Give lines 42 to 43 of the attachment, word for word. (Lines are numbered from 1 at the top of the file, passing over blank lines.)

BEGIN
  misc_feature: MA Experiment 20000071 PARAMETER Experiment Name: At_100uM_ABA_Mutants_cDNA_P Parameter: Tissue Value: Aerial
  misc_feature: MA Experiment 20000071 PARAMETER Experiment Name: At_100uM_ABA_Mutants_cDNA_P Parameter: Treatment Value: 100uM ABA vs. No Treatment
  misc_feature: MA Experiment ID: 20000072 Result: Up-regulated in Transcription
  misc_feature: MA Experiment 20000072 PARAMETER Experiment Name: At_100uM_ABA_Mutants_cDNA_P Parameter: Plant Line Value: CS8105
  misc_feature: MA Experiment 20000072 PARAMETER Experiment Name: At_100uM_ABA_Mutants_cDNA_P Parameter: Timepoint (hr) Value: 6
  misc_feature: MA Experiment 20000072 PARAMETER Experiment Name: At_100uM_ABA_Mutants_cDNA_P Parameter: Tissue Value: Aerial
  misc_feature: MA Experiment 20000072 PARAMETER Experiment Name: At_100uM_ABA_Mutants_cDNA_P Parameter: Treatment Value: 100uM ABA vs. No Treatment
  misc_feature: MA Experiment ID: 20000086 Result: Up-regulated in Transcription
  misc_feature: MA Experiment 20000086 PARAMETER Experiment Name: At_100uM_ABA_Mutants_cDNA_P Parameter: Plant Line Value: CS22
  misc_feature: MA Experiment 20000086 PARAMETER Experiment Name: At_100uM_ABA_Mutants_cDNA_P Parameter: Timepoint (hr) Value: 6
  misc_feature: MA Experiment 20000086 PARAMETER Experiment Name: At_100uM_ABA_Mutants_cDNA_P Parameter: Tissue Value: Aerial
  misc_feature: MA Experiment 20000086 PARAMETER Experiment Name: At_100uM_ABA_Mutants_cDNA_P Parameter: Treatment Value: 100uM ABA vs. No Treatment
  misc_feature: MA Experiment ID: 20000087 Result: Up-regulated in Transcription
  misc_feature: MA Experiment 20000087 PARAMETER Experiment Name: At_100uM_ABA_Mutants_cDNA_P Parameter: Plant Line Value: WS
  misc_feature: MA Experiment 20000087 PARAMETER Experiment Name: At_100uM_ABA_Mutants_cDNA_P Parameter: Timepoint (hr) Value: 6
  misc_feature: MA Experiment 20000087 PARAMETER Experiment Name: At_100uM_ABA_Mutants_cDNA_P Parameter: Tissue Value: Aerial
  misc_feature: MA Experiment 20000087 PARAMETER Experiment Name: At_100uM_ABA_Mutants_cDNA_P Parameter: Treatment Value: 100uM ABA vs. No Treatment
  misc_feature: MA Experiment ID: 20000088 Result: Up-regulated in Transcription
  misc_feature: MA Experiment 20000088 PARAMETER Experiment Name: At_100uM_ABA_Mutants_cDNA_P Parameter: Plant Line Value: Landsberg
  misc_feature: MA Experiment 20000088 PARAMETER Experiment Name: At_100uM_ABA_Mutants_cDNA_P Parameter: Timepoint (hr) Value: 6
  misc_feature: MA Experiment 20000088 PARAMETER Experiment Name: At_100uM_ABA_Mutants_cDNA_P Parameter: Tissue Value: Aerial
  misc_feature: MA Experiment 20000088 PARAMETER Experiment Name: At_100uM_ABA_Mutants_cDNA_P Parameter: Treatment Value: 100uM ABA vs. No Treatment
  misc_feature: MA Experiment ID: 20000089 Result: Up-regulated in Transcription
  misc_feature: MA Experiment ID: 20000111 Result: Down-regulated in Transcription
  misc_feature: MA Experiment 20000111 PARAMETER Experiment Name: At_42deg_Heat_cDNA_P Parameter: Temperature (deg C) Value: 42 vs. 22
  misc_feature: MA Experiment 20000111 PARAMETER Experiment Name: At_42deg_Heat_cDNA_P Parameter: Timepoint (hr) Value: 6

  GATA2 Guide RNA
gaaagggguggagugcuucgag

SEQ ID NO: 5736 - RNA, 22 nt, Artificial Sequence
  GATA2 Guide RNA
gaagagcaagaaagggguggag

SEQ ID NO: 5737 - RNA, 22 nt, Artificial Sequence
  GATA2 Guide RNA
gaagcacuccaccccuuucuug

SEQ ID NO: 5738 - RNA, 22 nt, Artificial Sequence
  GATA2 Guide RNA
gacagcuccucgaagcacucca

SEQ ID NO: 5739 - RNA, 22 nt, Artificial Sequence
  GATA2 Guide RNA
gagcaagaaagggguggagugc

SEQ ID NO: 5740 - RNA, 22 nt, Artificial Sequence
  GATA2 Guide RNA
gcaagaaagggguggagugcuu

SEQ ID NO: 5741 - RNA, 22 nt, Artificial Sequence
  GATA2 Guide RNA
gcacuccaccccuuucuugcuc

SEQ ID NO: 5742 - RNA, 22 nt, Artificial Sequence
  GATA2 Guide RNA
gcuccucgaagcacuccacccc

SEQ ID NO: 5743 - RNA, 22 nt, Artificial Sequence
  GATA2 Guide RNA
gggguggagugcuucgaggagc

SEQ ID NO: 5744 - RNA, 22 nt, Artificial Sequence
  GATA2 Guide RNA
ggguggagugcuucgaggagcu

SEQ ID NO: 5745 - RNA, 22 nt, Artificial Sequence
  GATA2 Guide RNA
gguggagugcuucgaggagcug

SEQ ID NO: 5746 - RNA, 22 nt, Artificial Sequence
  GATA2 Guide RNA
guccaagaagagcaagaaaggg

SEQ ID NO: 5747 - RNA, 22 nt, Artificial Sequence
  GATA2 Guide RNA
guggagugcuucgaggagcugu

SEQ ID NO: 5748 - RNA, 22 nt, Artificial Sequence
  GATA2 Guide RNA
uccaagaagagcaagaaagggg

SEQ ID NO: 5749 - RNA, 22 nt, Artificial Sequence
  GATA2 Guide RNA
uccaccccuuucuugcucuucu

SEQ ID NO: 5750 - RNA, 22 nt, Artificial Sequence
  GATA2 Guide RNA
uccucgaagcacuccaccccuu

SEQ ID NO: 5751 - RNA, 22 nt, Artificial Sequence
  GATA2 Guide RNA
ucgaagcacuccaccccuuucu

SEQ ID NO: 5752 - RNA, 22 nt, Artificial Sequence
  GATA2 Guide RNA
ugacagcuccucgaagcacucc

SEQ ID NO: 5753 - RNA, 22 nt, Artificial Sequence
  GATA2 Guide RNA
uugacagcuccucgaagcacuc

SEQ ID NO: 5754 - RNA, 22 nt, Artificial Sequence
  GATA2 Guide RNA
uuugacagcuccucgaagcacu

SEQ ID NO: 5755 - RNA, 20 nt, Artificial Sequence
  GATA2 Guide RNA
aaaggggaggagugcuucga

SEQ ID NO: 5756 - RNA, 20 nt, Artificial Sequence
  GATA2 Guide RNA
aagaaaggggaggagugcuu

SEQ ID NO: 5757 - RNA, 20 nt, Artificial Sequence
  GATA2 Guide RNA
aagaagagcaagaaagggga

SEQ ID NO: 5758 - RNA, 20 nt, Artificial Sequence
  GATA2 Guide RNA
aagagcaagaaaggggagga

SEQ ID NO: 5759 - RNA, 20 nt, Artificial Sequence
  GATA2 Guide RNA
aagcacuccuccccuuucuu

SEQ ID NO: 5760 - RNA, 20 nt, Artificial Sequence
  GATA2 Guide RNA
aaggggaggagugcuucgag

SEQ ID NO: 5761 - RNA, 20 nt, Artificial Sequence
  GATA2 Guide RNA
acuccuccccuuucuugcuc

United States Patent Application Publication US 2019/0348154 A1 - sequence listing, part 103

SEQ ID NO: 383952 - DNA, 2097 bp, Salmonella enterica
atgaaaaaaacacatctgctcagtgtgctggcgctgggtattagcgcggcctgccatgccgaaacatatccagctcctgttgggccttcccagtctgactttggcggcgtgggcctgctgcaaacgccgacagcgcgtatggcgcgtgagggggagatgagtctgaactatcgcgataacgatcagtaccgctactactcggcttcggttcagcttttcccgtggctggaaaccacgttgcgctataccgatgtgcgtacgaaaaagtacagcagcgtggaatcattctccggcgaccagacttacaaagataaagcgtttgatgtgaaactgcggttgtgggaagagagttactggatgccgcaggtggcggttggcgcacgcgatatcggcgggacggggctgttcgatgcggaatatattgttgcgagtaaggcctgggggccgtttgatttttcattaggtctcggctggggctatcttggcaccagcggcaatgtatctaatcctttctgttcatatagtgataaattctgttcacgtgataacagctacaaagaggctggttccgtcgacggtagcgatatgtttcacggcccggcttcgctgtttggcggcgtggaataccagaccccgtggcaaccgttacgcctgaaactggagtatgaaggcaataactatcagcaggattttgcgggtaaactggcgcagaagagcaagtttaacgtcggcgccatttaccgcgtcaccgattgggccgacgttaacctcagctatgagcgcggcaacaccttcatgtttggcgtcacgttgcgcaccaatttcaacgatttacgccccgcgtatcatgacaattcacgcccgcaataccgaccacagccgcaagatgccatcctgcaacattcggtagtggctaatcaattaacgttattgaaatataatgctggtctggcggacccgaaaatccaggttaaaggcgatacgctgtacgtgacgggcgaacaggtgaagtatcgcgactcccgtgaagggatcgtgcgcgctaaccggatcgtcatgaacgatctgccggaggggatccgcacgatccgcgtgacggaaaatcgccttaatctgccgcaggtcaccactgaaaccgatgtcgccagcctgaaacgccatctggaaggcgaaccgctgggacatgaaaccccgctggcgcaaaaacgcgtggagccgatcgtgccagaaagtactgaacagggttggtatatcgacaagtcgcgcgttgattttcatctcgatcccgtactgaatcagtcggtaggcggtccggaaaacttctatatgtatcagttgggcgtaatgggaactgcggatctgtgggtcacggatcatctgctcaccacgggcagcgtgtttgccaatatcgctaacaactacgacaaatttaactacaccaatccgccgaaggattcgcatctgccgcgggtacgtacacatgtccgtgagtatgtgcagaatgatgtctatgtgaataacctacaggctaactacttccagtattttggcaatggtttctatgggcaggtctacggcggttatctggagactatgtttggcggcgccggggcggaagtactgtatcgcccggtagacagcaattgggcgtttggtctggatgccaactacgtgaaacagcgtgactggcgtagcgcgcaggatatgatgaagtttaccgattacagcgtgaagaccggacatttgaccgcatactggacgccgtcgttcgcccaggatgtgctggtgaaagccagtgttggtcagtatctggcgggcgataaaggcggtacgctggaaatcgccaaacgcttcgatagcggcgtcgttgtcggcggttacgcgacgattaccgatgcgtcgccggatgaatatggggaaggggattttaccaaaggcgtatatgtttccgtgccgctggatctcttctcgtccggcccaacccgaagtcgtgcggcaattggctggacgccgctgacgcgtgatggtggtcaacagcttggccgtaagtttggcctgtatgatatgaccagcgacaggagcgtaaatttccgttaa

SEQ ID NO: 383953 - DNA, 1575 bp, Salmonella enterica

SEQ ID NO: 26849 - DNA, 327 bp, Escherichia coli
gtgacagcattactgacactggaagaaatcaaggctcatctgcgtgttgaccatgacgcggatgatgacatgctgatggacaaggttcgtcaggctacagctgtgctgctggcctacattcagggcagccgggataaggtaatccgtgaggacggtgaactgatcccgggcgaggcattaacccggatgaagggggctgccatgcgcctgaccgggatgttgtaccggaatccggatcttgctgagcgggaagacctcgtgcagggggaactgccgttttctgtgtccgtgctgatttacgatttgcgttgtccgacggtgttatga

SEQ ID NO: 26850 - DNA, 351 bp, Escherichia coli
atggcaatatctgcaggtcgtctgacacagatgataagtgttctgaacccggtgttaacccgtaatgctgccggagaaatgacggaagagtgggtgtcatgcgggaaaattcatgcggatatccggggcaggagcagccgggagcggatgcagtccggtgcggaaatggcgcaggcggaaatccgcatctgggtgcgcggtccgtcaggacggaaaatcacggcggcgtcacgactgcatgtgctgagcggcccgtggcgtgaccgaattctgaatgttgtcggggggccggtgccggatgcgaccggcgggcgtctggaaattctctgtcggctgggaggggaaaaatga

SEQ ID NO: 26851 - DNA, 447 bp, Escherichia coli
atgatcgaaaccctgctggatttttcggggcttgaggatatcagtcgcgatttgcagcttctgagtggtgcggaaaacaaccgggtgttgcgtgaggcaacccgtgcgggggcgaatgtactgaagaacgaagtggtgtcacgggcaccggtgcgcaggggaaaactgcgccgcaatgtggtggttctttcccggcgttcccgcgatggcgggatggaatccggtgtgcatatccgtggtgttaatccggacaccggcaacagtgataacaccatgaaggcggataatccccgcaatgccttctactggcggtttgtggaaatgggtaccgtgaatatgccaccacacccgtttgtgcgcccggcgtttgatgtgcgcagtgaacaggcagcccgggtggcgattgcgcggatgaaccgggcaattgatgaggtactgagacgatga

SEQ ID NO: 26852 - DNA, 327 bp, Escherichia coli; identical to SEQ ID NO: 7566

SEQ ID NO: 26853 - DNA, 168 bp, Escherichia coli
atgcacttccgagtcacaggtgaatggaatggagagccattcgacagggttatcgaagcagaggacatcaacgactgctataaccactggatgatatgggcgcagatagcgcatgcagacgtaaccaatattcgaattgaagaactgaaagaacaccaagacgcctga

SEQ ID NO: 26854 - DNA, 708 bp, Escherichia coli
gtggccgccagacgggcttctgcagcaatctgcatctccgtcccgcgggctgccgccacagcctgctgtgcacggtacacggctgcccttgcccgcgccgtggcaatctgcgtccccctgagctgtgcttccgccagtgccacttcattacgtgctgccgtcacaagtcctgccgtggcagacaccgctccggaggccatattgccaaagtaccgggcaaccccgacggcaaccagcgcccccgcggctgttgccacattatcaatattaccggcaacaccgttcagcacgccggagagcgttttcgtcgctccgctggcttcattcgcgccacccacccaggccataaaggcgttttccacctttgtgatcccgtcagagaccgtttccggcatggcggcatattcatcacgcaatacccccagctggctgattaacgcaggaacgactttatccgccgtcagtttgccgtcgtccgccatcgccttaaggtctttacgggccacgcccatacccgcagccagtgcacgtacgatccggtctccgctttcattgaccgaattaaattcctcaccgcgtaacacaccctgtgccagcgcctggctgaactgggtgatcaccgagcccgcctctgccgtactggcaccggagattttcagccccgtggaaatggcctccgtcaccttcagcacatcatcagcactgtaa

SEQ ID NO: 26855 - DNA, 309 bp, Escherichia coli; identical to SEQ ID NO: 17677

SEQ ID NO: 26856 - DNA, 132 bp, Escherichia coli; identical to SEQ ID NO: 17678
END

  GATA2 Guide RNA
gcaagaaagggguggagugcuu